Kids Marketing Consulting

Part 1. Attractiveness of the market research industry in Ukraine based on Porter’s Five Sources (from CMO point of view). Industry Competitors (Segment Rivalry): Also there is competition, the market research industry in Ukraine does not have numerous, strong, or aggressive competitors in the kids, tweens and teens niche. Actually, KMC could be considered a pioneer in this niche and as all pioneers company had enjoyed solid growth and profitability and developed a strong customer base. However due to rising competition, company has to shift towards protecting its niche.

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Competition does not seem to have high stakes in staying in the segment (major leaders are large international company’s belonging to global ESOMAR community). While they could be called strategic group with many niche players within, none of the firms operating in Ukraine are solely dedicated to market research focusing on children. As a CMO I must “dig deeper” and consider competitive set as “limiting of competitors only to those that offer the same quality product or have the same standards”.

Than I might consider only industry leaders or those firms who, for example, belong to Ukrainian Marketing Association (UMA), legally registered and operated (white in Ukraine), I will call them Group A. Group A firms are considered to have a higher industry standards and reputation. Customer, if unfamiliar, would be educated as to value and quality of product they are receiving. I would also think that perhaps this high standards have more value and affordability in the “larger” client segment, where medium to smaller clients competitors circle would be different. Medium clients would probably use “white and gray” research firms (Group B).

Smaller clients with limited resources would probably considering not registered/black market offerings (Group C), since this group usually has the lowest rates. Exit barriers (industry’s main asset are know – how professionals and a built network/resources) are low and fixed costs are quite low as well – there is no factory to open, equipment to maintain (except computer related) and products to store. Overall, market research industry in Ukraine is not considered stable or declining, it is actually somewhere in the developmental cycle, making it still an attractive segment to consider.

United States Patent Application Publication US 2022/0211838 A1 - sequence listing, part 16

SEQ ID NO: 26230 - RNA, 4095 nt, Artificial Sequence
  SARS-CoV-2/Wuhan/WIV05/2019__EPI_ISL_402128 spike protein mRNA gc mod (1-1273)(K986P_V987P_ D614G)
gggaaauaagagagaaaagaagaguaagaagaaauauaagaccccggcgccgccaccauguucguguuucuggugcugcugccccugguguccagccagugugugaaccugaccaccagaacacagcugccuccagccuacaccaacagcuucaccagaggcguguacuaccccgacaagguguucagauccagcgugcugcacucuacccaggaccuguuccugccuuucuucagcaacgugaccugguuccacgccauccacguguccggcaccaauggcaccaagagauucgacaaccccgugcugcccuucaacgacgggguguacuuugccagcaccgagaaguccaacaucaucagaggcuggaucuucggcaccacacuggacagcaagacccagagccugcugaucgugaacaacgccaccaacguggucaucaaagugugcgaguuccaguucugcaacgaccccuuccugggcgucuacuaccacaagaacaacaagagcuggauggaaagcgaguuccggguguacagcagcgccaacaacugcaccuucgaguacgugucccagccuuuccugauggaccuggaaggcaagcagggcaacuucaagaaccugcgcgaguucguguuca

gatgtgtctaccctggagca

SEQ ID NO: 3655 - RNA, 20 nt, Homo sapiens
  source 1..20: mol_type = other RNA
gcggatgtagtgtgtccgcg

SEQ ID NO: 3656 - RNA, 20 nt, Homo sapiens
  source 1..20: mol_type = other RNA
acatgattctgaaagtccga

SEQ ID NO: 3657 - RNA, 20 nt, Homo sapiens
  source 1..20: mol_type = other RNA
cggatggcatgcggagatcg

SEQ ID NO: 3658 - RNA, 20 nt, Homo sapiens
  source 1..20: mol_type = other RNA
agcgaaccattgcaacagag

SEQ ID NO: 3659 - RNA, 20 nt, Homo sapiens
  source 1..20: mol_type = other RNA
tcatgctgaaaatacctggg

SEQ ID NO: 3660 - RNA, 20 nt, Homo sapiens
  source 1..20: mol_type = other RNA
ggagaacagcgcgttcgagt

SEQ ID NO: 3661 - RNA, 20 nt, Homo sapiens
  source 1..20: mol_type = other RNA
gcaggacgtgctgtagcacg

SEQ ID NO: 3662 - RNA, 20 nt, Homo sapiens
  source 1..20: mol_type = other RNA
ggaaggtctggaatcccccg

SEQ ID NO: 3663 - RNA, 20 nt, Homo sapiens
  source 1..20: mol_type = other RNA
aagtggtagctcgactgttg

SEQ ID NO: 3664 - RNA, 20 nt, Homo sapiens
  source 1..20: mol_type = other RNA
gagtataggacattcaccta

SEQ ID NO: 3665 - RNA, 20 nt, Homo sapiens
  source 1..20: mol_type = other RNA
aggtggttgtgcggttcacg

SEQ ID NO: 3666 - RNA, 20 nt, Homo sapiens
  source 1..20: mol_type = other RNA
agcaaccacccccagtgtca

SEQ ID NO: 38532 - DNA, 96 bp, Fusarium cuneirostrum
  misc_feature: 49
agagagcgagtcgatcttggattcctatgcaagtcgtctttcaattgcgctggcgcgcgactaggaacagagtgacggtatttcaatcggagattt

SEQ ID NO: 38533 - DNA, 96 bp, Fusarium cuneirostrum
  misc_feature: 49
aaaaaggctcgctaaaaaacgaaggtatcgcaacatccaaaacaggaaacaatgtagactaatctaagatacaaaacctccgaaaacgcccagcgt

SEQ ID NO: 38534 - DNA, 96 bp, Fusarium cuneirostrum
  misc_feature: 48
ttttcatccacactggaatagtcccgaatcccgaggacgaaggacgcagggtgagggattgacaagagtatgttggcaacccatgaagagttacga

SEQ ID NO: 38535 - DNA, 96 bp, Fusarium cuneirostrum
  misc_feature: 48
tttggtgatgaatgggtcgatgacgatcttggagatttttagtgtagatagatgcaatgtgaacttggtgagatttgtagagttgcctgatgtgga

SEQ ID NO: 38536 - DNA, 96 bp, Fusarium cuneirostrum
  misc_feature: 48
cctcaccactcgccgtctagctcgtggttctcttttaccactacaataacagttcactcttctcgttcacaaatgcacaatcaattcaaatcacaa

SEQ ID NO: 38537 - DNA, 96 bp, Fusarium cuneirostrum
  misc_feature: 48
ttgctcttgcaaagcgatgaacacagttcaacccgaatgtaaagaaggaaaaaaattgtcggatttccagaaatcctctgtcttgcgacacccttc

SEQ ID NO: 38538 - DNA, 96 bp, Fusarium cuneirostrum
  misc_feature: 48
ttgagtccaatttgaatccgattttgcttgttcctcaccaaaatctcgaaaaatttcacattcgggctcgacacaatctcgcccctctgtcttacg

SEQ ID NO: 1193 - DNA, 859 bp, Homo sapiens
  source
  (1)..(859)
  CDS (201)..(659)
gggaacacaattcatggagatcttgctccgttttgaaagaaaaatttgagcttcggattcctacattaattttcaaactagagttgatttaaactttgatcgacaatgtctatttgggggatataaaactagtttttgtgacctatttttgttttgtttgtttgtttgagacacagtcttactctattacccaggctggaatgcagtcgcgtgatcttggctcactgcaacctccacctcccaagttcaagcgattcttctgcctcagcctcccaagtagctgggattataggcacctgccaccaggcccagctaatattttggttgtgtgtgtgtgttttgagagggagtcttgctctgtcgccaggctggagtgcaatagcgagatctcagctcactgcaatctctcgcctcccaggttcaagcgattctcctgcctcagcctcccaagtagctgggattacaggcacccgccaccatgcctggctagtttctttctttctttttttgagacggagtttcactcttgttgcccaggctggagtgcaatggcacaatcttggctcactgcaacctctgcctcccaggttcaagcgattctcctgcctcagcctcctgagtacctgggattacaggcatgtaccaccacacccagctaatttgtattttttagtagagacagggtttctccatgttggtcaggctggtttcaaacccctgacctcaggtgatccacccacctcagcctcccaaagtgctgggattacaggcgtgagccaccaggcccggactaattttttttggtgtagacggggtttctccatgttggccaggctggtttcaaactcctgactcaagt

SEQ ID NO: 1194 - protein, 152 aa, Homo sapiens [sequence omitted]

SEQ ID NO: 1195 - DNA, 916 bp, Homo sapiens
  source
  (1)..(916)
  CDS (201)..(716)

Potential Entrants (Threat of mobility): The most attractive segment is one in which entry barriers are high and exit barriers are low. (Few new firms can enter the industry, and poorly performing firms can easily exit). There are no high entry barriers and new competitors easily entering the market, such as: •Many advertising agencies use to contract market research work to a separate firm, but shifted towards conducting their own. They are easily entering and/or moving in market research direction (different business model, same solution/product offered). Other competition in the market research industry exists besides the large firms, such as independent consultants. I would also think that one of the main entry barriers (not in the case) would be lack of local connections needed to open and operate a business in Ukraine. Substitutes (Threat of substitutes): A segment becomes less attractive when there are actual or potential substitutes for the product/service. There is almost no business or product that does not have a substitute. Substitute could also be a product that fulfills the same need “by a different means. What is there that could substitute for the product? •market research firm focusing on adult consumers – could work as a substitute in some cases. Also they focus on different segment, one could argue that kids/tweens/teens segment directly relies on their parent as a source of income. For example, higher household income families might have allocated for higher spending/allowances for their children. •One stop marketing and advertising leaders in the industry that are known and respected, have resources and easily could conduct any type of market research.

Such as Gfk-USM, ACNielson Ukraine LLC, IPSOS S. A. and others Buyers (Threat of buyers growing bargaining power): As a CMO in KMC I have to understand the power and control buyer has that can harm the business. Also, services that I provide are quite unique and new, there are more and more emerging competitors. It looks like that I am starting to have a higher vs. lower buyer power threat because of direct competition as well as: •Ukrainian, generally unfamiliar with the concept of market research value buyer , can easily be shifted towards competition thinking he is getting same or better services.

Why do I need to pay for research if I would rather spend my money on advertising, a very familiar concept?. •Buyer can negotiate a price to a degree, due to number of freelance consultants available. Buyer can almost certainly negotiate a price where there is a strong growing competition. •There are almost no switching costs to a buyer •Buyer can integrate upstream (at KMC we are still limited in resources. Large buyer is still not our customer). It’s starting to become an unattractive segment, since buyer posses growing bargaining power. Suppliers I would think that the main supplier in my case is DDI.

Being a part of DDI provided many advantages for KMC. A variety of corporate resources available to KMC from other DDI businesses at significantly reduced rates, DDI’s network of interviewers and tools for market research, customer base and experience plus sharing physical office space with SC-DOM in Kyiv at low cost. At this stage of KMC, it would be harmful, if not, could bring my business to an end if I were to separate from my supplier. If, for example, he withholds one of necessary supply to conduct a business such as tools for market research, I will have to look for newer, higher cost options.